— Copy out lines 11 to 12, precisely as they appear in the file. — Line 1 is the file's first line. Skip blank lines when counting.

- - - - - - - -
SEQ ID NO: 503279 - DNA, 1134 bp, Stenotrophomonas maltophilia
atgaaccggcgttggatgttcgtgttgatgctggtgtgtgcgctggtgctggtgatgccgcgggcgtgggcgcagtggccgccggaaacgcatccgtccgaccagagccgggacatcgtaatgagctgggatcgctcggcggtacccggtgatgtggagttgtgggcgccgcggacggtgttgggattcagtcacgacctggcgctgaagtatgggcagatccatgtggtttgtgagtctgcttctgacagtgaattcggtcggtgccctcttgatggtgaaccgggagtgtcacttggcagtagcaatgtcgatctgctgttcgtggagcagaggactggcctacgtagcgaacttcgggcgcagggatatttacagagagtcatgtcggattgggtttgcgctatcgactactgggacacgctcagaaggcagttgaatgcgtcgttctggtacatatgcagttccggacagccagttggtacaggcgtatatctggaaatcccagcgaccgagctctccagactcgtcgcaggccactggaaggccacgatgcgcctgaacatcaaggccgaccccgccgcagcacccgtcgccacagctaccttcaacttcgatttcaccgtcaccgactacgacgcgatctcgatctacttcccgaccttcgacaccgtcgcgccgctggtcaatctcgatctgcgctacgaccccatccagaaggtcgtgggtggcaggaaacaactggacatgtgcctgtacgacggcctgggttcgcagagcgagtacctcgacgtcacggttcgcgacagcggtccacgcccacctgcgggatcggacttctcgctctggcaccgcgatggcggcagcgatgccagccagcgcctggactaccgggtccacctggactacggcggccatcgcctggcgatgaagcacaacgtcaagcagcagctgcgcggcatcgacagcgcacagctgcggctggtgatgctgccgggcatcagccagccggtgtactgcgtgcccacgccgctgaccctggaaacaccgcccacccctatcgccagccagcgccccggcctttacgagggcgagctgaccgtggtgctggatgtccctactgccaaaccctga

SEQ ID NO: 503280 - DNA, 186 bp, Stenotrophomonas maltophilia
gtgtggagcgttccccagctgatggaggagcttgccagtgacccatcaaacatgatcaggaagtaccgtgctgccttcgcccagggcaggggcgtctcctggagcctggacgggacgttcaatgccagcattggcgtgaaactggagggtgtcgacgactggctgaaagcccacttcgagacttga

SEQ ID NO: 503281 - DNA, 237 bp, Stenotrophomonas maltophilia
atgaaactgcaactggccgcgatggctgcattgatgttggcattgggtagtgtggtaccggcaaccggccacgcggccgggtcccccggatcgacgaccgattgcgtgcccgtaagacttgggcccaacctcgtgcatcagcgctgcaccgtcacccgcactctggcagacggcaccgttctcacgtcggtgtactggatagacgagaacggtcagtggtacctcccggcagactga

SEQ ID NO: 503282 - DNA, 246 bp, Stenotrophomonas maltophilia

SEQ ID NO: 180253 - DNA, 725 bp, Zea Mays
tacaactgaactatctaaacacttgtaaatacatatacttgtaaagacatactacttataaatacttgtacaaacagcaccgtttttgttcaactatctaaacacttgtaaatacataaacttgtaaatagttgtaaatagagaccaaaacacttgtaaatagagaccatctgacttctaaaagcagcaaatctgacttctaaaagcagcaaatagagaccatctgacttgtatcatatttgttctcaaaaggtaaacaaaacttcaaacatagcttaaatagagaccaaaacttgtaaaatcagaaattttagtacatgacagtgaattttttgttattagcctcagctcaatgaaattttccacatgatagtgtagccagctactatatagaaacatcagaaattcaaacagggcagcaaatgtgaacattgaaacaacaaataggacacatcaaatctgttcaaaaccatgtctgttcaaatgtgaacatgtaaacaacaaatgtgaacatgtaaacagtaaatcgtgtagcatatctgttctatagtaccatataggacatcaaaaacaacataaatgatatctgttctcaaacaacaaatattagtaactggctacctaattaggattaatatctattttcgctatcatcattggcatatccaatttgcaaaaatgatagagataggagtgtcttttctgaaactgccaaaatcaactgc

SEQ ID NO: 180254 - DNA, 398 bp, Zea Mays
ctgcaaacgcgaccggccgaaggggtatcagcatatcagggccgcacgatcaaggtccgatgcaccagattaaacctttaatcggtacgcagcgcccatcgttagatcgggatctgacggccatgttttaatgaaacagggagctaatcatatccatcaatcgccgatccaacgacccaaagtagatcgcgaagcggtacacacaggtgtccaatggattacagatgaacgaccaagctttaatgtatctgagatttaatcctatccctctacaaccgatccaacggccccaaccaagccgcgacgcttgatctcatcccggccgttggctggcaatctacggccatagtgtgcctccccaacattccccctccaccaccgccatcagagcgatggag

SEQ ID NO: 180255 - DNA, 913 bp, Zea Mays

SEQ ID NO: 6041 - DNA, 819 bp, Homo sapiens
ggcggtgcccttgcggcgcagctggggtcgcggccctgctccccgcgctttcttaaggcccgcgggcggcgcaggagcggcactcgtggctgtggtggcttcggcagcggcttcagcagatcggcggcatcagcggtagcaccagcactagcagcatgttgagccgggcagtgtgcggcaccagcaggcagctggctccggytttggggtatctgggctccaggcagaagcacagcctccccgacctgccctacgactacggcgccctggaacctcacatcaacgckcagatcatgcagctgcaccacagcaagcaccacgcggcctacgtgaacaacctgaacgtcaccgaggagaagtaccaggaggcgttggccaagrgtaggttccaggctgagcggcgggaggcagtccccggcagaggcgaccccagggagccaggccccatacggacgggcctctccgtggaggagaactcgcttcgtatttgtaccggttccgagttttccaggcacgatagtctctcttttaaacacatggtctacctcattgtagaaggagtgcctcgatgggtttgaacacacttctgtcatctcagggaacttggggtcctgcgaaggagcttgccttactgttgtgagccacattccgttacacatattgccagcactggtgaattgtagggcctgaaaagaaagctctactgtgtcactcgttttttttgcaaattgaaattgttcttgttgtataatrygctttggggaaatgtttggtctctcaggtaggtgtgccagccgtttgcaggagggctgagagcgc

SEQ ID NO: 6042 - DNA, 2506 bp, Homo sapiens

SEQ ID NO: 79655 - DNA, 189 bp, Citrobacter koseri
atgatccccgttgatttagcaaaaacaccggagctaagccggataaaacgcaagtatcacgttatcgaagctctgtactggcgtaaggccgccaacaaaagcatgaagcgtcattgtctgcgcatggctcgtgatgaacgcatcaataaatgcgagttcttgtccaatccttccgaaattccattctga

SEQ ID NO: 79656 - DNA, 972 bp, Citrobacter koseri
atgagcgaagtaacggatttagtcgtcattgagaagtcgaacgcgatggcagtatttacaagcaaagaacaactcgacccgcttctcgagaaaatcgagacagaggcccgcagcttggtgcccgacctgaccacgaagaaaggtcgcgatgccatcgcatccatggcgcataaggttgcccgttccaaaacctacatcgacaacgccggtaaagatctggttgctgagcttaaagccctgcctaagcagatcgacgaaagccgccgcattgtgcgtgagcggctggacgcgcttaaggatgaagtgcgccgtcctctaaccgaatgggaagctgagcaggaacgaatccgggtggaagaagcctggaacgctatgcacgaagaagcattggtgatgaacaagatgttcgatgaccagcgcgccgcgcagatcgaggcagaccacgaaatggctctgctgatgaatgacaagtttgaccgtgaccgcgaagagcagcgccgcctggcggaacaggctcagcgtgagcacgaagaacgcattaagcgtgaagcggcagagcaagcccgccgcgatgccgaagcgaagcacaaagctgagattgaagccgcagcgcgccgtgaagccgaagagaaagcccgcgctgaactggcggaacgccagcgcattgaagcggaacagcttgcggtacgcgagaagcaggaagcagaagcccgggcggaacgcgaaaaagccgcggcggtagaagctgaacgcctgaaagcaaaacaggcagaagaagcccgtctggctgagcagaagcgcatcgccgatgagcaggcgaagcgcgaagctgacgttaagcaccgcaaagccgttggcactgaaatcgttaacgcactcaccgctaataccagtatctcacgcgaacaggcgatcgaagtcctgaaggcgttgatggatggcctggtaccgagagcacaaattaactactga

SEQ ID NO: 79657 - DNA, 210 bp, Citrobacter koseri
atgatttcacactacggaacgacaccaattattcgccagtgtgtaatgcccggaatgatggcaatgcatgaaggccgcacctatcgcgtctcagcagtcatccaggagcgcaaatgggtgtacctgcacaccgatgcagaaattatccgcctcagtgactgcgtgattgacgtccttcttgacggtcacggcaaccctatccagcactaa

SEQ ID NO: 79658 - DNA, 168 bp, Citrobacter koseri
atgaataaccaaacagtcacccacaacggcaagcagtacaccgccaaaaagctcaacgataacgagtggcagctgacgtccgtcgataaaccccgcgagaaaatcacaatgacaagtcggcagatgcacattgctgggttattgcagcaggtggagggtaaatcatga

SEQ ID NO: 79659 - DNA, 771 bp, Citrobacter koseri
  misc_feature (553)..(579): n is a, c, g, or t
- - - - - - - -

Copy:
ctgcaaacgcgaccggccgaaggggtatcagcatatcagggccgcacgatcaaggtccgatgcaccagattaaacctttaatcggtacgcagcgcccatcgttagatcgggatctgacggccatgttttaatgaaacagggagctaatcatatccatcaatcgccgatccaacgacccaaagtagatcgcgaagcggtacacacaggtgtccaatggattacagatgaacgaccaagctttaatgtatctgagatttaatcctatccctctacaaccgatccaacggccccaaccaagccgcgacgcttgatctcatcccggccgttggctggcaatctacggccatagtgtgcctccccaacattccccctccaccaccgccatcagagcgatggag

SEQ ID NO: 180255 - DNA, 913 bp, Zea Mays